12 © 2009, Prentice-Hall, Inc. Limiting Reactants In the example below, the O 2 would be the excess reagent.

13 Sample Exercise 3.18 Calculating the Amount of Product Formed from a Limiting Reactant The most important commercial process for converting N 2 from the air into nitrogen-containing compounds is based on the reaction of N 2 and H 2 to form ammonia (NH 3 ): N 2 (g) + 3 H 2 (g)→2 NH 3 (g) How many moles of NH 3 can be formed from 3.0 mol of N 2 and 6.0 mol of H 2 ? Solution

14 Sample Exercise 3.18 Calculating the Amount of Product Formed from a Limiting Reactant Consider the reaction 2 Al(s) + 3 Cl 2 (g) → 2 AlCl 3 (s). A mixture of 1.50 mol of Al and 3.00 mol of Cl 2 is allowed to react. (a) Which is the limiting reactant? (b) How many moles of AlCl 3 are formed? (c) How many moles of the excess reactant remain at the end of the reaction? Answers: (a) Al, (b) 1.50 mol, (c) 0.75 mol Cl 2 Practice Exercise Solution (continued)

15 Sample Exercise 3.19 Calculating the Amount of Product Formed from a Limiting Reactant Consider the following reaction that occurs in a fuel cell: 2 H 2 (g) + O 2 (g) → 2 H 2 O (g) This reaction, properly done, produces energy in the form of electricity and water. Suppose a fuel cell is set up with 150 g of hydrogen gas and 1500 grams of oxygen gas (each measurement is given with two significant figures). How many grams of water can be formed? Solution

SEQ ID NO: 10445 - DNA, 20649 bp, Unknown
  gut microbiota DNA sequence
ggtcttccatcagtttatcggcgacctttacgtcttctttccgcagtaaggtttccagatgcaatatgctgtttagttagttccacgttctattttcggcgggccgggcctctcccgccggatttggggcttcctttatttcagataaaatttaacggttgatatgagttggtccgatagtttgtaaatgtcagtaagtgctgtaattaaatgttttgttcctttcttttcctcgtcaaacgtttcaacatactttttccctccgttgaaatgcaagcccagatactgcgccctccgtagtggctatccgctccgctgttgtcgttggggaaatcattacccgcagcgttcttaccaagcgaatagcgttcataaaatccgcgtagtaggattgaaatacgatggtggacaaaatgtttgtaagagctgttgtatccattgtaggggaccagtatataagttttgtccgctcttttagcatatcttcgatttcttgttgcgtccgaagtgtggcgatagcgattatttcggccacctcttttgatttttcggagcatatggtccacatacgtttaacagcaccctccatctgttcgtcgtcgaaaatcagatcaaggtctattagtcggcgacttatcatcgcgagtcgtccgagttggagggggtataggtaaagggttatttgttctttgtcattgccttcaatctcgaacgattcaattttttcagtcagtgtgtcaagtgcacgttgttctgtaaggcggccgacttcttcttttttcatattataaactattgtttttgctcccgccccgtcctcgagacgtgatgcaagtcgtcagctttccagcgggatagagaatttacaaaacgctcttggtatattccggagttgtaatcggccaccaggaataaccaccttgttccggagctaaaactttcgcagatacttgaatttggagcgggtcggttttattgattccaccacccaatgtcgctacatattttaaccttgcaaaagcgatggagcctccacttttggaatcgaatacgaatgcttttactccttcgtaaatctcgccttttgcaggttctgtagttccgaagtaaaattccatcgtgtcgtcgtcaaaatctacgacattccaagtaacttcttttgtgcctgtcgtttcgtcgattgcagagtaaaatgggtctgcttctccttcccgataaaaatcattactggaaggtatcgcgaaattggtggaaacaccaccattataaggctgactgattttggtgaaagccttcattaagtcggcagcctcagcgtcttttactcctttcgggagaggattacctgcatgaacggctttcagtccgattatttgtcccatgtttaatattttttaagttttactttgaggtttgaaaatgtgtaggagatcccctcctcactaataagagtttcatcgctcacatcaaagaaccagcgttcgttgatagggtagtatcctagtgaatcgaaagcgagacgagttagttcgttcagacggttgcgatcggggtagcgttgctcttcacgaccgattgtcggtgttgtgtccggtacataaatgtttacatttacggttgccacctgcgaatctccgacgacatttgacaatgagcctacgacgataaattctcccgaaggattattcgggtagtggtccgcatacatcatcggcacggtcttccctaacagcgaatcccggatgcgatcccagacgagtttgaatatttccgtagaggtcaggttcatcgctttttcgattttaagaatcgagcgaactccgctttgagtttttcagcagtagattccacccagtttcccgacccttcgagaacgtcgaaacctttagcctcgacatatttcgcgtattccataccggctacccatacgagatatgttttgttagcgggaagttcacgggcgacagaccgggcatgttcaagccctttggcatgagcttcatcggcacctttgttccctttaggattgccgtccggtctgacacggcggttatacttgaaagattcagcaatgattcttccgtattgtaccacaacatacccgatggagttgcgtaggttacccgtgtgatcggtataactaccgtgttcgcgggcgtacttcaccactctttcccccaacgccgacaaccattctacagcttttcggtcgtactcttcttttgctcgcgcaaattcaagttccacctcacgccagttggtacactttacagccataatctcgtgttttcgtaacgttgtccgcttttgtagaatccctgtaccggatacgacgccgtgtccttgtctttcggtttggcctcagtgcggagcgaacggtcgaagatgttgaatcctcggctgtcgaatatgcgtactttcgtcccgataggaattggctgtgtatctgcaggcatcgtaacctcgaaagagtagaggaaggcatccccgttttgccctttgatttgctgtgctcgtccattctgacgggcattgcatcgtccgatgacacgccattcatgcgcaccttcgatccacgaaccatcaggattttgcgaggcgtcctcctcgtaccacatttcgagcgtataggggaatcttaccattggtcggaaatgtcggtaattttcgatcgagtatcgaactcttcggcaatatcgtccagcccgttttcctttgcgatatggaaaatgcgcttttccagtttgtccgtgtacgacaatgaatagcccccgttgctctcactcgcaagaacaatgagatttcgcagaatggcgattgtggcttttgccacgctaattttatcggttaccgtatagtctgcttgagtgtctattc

16 Sample Exercise 3.19 Calculating the Amount of Product Formed from a Limiting Reactant A strip of zinc metal with a mass of 2.00 g is placed in an aqueous solution containing 2.50 g of silver nitrate, causing the following reaction to occur: Zn(s) + 2 AgNO 3 (aq) → 2 Ag(s) + Zn(NO 3 ) 2 (aq) Practice Exercise Solution (continued)

17 © 2009, Prentice-Hall, Inc. Theoretical Yield The theoretical yield is the maximum amount of product that can be made. – In other words it’s the amount of product possible as calculated through the stoichiometry problem. This is different from the actual yield, which is the amount one actually produces and measures.

18 © 2009, Prentice-Hall, Inc. Percent Yield One finds the percent yield by comparing the amount actually obtained (actual yield) to the amount it was possible to make (theoretical yield). Actual Yield Theoretical Yield Percent Yield = x 100

19 Sample Exercise 3.20 Calculating the Theoretical Yield and the Percent Yield for a Reaction Adipic acid, H 2 C 6 H 8 O 4, is used to produce nylon. The acid is made commercially by a controlled reaction between cyclohexane (C 6 H 12 ) and O 2 : 2 C 6 H 12 (l) + 5 O 2 (g) → 2 H 2 C 6 H 8 O 4 (l) + 2 H 2 O(g) (a) Assume that you carry out this reaction starting with 25.0 g of cyclohexane and that cyclohexane is the limiting reactant. What is the theoretical yield of adipic acid? (b) If you obtain 33.5 g of adipic acid from your reaction, what is the percent yield of adipic acid? Solution g C 6 H 12 → mol C 6 H 12 → mol H 2 C 6 H 8 O 4 → g H 2 C 6 H 8 O 4

20 Sample Exercise 3.20 Calculating the Theoretical Yield and the Percent Yield for a Reaction Imagine that you are working on ways to improve the process by which iron ore containing Fe 2 O 3 is converted into iron. In your tests you carry out the following reaction on a small scale: Fe 2 O 3 (s) + 3 CO(g) → 2 Fe(s) + 3 CO 2 (g) (a) If you start with 150 g of Fe 2 O 3 as the limiting reagent, what is the theoretical yield of Fe? (b) If the actual yield of Fe in your test was 87.9 g, what was the percent yield? Answers: (a) 105 g Fe, (b) 83.7% Practice Exercise